Grand Central Market | Press Coverage | Bon Appetit | "Not long ago, downtown Los Angeles could feel like a street scene in Blade Runner, all shadowy alleys punctuated by the occasionally transcendent bowl of ramen.
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Where to Eat and Drink in Downtown Los Angeles
February 18, 2014

"Not long ago, downtown Los Angeles could feel like a street scene in Blade Runner, all shadowy alleys punctuated by the occasionally transcendent bowl of ramen. But in the past few years there have been so many exciting restaurant openings that it’s become a thriving destination that bears repeat visits—for both locals and tourists. All the textbook indicators of culinary and cultural cool are fully aligned: a brand-new Ace Hotel, a Swedish hipster-fashion superstore, a Stumptown Coffee Roasters, and a home-grown market hallwhere you can get a bargain carne asada taco or Hainanese chicken rice that just happens to be cooked sous-vide. This is that thrilling, fleeting moment in a neighborhood’s evolution that makes dining there all the more exciting, when you can still get a $9 lunch or drop $195 on a 25-course tasting menu. Yeah, it can be gritty, but that’s what will give cred to your early-adopter bragging rights. Experience the rebirth these 10 ways.


1. Get the Tasting Menu at Alma
You usually have to catch a plane to Copenhagen to eat food as stunningly beautiful, perfectly executed, and downright delicious as what chef Ari Taymor serves on his multicourse tasting menus at Alma. In the casual-cool vibe of downtown, the spare space is almost undesigned. For an experience this good, you’ll need to book a table at least a month out. After all, it did earn the top spot last year on Bon Appétit’s Hot 10 list of best new restaurants.

2. Hang at The Ace
The Ace Hotel chain, that Howard Johnson for hipsters, does stylish lodging well, but its sceney mezzanine may be the best room in the house. Even if you’re not staying there, drop by for a cortado and free Wi-Fi.

3. Buy Knives at Anzen Hardware
For a one-of-a-kind insider Little Tokyo experience (as in Nobu Matsuhisa–level insider), go to the gloriously cluttered Anzen Hardware, where sushi chefs buy their serious Japanese cutlery. Pick up a nakiri—a cleaver-shaped knife designed to surgically dis-assemble vegetables.

4. Order the Lamb French Dip
Eating a “French Dipped” beef sandwich at the century-old Philippe is an L.A. rite of passage. Another one is being told by a native Angeleno that you ordered wrong. Get the lamb “French Dipped” for a more tender (and savory) lunch upgrade.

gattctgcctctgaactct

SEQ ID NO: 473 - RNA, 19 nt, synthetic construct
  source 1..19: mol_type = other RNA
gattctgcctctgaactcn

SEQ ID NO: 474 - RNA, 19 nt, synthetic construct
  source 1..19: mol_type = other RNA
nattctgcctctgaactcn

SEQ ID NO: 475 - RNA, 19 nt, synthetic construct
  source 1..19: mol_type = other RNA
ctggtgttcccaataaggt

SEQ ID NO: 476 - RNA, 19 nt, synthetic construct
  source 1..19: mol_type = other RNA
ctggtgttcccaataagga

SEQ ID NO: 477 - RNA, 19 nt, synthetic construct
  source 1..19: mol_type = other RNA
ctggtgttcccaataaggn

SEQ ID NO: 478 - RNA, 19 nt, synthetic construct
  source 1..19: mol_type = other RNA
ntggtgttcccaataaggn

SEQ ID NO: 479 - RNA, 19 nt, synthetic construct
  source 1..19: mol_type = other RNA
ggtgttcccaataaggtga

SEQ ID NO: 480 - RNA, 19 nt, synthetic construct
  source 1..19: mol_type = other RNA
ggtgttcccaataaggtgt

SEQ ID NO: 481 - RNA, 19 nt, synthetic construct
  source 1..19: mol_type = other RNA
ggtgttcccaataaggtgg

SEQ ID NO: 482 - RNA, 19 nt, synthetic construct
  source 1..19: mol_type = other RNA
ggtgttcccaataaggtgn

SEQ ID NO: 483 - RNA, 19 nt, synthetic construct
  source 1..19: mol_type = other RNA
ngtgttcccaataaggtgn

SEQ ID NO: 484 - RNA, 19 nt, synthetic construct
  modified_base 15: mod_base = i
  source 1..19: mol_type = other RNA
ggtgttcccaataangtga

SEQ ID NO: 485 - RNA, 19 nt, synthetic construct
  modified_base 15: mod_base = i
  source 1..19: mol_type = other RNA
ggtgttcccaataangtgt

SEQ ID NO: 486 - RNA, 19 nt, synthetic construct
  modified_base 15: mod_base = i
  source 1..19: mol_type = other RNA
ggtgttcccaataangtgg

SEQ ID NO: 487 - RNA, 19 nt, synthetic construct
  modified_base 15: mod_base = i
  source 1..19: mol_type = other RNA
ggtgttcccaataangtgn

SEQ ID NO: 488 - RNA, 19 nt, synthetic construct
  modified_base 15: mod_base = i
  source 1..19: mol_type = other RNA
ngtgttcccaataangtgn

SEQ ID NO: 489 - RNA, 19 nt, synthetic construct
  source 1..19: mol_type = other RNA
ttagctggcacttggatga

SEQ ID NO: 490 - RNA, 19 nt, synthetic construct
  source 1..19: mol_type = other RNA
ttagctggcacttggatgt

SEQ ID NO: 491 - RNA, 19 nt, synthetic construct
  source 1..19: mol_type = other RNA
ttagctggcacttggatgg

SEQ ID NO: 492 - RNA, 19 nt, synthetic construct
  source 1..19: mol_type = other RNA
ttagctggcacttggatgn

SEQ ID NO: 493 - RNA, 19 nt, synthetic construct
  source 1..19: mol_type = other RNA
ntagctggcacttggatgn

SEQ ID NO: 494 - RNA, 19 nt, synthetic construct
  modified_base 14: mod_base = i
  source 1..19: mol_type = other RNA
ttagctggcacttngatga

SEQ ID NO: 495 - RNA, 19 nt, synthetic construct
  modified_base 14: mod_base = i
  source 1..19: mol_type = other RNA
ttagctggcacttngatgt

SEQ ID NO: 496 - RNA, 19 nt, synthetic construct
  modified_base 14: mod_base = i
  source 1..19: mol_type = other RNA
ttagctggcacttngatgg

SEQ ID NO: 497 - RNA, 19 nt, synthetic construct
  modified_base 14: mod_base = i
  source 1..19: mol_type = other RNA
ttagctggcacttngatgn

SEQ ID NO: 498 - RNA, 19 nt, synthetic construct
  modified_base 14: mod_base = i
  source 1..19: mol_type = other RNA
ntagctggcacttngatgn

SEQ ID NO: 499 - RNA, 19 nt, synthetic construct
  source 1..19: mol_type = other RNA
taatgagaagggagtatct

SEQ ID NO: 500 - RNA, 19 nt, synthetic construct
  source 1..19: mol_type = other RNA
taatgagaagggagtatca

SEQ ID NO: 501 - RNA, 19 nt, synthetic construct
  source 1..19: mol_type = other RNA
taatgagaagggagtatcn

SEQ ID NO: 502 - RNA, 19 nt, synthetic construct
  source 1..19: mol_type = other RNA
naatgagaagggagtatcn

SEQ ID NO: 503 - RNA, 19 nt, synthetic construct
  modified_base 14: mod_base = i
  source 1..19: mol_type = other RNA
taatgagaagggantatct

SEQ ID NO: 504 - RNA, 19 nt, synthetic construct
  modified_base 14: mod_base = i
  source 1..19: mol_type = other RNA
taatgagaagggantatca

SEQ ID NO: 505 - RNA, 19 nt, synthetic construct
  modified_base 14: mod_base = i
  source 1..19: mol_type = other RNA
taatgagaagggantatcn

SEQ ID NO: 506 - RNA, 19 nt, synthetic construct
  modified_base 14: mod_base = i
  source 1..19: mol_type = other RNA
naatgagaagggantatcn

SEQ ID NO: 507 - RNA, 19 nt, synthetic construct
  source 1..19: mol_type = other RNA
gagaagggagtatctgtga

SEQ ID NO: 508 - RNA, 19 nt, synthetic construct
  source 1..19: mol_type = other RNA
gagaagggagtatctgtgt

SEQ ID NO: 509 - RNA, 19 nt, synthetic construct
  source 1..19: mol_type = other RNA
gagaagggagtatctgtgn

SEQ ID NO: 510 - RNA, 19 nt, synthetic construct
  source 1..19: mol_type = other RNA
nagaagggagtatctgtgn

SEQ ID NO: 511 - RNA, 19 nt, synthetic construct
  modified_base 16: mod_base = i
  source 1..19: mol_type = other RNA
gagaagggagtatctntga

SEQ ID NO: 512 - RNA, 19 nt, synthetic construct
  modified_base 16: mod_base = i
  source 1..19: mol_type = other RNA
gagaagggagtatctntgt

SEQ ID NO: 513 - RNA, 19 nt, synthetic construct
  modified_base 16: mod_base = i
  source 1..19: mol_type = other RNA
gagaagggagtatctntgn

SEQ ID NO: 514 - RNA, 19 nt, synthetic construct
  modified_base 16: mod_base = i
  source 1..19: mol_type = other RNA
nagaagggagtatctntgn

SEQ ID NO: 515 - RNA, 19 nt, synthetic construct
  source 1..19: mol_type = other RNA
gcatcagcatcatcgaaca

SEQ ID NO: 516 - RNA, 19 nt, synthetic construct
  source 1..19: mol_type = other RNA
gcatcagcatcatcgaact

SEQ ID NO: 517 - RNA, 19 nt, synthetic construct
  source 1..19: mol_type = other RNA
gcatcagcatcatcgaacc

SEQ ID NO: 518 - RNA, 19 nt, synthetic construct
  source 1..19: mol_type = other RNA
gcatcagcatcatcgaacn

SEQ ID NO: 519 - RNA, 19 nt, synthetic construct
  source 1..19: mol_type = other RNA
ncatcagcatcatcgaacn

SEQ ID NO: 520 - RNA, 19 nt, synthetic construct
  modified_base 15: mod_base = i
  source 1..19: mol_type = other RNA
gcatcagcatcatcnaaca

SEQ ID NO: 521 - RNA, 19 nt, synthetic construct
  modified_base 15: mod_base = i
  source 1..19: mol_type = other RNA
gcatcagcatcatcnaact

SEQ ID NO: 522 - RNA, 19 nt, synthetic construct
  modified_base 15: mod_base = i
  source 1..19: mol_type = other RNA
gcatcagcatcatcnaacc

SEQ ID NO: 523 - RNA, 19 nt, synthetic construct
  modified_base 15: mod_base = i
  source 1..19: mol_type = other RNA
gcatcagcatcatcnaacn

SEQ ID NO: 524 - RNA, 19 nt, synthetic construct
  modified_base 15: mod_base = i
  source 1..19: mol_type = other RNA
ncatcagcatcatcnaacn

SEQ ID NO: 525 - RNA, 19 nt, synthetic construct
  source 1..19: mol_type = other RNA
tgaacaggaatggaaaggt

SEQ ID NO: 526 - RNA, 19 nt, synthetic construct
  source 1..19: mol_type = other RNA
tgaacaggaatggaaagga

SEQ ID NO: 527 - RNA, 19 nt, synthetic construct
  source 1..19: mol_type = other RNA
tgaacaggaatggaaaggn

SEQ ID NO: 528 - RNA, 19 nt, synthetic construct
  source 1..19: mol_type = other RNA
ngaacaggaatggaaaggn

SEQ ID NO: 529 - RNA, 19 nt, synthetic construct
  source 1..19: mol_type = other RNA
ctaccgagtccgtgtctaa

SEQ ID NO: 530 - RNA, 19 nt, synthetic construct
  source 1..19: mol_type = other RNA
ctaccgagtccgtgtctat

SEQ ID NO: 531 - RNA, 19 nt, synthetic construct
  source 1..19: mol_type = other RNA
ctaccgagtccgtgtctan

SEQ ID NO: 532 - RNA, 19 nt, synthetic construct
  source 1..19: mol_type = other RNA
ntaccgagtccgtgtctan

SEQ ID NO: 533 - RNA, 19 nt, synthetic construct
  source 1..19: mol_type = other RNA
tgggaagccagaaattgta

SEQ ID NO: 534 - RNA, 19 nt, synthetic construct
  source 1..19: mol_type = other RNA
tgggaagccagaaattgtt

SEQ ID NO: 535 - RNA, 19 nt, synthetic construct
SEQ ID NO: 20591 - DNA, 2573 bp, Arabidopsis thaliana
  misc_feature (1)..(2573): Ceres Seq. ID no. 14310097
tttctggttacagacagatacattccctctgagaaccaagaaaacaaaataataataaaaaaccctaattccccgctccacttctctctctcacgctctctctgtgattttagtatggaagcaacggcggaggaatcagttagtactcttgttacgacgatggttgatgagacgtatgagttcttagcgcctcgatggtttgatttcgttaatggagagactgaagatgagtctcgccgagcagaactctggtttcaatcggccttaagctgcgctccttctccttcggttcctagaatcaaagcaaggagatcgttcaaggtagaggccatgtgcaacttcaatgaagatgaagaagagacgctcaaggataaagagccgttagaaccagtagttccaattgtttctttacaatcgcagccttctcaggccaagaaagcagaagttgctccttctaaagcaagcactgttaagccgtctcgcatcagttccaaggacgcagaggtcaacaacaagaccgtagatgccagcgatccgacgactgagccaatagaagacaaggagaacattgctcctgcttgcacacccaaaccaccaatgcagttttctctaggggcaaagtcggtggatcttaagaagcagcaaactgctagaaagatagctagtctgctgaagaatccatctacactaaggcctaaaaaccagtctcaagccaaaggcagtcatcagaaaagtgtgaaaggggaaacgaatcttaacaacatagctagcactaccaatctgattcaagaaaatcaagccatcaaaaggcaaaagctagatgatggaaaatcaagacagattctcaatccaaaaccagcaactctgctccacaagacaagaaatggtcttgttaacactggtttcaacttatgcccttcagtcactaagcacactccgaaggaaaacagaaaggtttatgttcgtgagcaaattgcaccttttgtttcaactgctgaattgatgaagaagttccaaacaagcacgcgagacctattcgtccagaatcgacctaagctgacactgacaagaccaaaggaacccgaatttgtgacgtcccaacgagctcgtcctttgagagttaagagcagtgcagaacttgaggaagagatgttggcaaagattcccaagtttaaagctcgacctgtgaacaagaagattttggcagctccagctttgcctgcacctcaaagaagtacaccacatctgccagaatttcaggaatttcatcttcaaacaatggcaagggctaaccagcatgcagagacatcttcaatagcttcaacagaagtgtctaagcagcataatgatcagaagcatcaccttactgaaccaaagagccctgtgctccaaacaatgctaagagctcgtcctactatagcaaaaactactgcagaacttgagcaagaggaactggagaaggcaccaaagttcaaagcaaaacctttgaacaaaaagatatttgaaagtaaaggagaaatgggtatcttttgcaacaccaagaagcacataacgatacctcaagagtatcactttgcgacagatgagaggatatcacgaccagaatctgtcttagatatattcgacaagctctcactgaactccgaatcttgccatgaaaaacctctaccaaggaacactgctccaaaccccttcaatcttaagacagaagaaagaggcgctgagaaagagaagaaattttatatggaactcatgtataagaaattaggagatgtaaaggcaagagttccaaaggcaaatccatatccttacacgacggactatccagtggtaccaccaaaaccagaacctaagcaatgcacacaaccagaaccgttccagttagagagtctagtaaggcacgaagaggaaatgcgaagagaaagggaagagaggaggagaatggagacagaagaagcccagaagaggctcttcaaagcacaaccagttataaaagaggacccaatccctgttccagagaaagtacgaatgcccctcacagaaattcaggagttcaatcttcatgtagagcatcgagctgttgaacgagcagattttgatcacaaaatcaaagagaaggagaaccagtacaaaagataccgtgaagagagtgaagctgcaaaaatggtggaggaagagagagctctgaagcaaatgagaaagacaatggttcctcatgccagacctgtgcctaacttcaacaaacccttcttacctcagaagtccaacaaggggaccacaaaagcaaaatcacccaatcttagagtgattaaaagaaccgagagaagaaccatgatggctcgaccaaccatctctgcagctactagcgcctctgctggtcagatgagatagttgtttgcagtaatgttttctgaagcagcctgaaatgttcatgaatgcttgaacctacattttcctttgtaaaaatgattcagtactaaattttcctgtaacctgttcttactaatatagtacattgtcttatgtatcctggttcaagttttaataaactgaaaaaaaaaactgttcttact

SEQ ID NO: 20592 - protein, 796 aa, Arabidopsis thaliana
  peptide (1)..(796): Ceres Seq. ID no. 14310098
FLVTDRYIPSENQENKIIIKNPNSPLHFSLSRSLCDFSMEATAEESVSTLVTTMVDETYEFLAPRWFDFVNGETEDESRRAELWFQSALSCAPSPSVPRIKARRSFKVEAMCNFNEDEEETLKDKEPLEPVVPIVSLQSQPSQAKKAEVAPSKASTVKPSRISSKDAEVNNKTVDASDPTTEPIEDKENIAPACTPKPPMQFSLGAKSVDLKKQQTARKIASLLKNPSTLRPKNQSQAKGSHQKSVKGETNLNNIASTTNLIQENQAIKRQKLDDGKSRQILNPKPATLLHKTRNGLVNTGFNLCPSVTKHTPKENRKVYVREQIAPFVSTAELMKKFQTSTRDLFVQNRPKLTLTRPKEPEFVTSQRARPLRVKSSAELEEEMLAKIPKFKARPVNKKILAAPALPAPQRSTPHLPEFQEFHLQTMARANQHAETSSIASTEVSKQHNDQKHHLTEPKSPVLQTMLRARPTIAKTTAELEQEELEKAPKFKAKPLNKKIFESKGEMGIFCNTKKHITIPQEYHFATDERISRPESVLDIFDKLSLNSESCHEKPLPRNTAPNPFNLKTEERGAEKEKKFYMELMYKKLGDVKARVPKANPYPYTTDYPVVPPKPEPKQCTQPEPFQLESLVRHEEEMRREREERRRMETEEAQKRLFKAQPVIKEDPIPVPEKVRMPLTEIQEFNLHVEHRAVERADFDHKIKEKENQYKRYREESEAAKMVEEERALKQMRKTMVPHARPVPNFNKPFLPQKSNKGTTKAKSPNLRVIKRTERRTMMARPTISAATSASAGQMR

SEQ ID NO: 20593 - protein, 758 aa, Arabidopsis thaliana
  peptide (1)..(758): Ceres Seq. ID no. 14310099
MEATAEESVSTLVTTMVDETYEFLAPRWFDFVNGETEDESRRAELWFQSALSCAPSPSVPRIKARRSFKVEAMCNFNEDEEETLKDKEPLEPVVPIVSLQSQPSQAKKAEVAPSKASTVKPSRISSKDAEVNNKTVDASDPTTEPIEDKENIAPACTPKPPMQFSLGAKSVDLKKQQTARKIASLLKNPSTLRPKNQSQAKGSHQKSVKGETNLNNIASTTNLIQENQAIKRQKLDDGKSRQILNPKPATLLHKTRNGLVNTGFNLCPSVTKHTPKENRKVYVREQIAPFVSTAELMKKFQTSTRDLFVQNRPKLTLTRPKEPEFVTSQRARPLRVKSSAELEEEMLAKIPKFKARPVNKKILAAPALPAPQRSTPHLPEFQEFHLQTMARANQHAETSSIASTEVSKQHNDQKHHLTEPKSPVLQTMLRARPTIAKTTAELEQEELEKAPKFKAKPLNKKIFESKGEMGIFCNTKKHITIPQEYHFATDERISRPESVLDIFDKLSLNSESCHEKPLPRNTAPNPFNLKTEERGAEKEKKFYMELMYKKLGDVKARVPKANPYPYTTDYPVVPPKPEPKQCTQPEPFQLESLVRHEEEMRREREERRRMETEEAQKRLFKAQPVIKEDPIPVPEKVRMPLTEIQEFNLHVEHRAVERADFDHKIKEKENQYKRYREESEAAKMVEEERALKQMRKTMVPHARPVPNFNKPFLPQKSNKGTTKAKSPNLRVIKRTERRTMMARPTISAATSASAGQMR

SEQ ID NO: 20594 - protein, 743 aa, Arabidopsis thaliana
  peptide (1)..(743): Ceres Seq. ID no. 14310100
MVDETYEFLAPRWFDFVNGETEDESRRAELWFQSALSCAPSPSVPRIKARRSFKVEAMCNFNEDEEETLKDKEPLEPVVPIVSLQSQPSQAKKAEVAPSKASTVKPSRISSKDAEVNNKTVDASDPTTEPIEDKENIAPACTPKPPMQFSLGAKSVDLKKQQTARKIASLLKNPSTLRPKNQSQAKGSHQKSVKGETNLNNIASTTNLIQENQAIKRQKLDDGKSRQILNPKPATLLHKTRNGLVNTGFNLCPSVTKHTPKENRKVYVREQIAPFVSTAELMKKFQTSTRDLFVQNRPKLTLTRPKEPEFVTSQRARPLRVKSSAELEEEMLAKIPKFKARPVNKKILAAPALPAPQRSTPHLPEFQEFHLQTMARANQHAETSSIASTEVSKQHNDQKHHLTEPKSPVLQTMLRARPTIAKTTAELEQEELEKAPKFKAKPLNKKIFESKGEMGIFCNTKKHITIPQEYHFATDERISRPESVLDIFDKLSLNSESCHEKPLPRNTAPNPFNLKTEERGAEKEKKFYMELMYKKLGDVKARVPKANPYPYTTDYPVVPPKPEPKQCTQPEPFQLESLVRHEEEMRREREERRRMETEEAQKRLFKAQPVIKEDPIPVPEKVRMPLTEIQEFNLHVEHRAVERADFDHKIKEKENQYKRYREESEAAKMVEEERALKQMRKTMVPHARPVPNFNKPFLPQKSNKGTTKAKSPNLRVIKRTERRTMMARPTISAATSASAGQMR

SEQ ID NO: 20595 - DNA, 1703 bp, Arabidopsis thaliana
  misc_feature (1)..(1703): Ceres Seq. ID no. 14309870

5. Take Your Friends (and Even Your Parents) to Bestia
The approach to this stunner is blocks of low-slung warehouses and desolate streets. Don’t despair. Once there, you’ll find a soaring indoor-outdoor fantasy of a modern Italian restaurant that anyone could love—even your most culinarily critical friends (yes, that’s beef-heart tartare). And don’t be surprised if, after a white Negroni and a plate of sea urchin spaghetti, you’re researching local real estate on your phone.

6. Visit a Chef Centeno Spot
With three downtown restaurants in two-plus years, Josef Centeno could be considered the neighborhood’s culinary mayor. He’s got the 25-course, super-omakase tasting menu at his latest, Orsa & Winston, as well as Bar Amá, his raucous reboot of Tex-Mex cooking. But it’s his original place, Bäco Mercat—one of BA’s Hot 10 restaurants of 2012—that is his most freewheeling and consistently satisfying. Is it Spanish, Japanese, Mediterranean? It’s all of those things in a convivial, border-blurring L.A. way.

7. Eat the Chubby Pork Belly Bowl
If you’re going to seek out only one dish downtown, head to Kogi Truck king Roy Choi’s Chego! for the unabashedly fatty (and spicy) Chubby Pork Belly Bowl. The madcap combination of gochujang-lacquered pork, fried egg, pickled radishes, Chinese broccoli, Cotija cheese, and salsa verde is a $9 crash course in the tradition of cross-cultural culinary mashups.

8. Drink Coffee at a Roastery
Most cities count themselves lucky if they can boast one world-class coffee shop roasting beans on site. Downtown L.A. has two just a short drive from each other: Local hero Handsome Coffee Roasters and Portland perfectionist Stumptown Coffee Roasters. Of course, they both use fresh micro-lot beans. But if you don’t know the difference between a Chemex and a cold brew, go with Handsome, where all you need to do is choose espresso or regular joe and tell them how much milk you want. It’s so easy, it makes Dunkin’ Donuts look pretentious.

9. Take Home a Souvenir from Acne
If you’re hungry for something with zero calories and lots more style, head to Swedish skinny-jean pioneer Acne Studio’s new flagship store for some denim. There’s always sunglasses or a pair of striking boots as well.

10. Snack at Grand Central Market
People used to go to Grand Central Market for bulk dried chiles and dirt-cheap Mexican food. Now they go to the newly remodeled food hall for local burrata and grass-fed California rib eyes. And, yes, for the burritos, too. Here, the places to build a visit around: Horse Thief BBQ, Eggslut, Sticky Rice, and Ana Maria."

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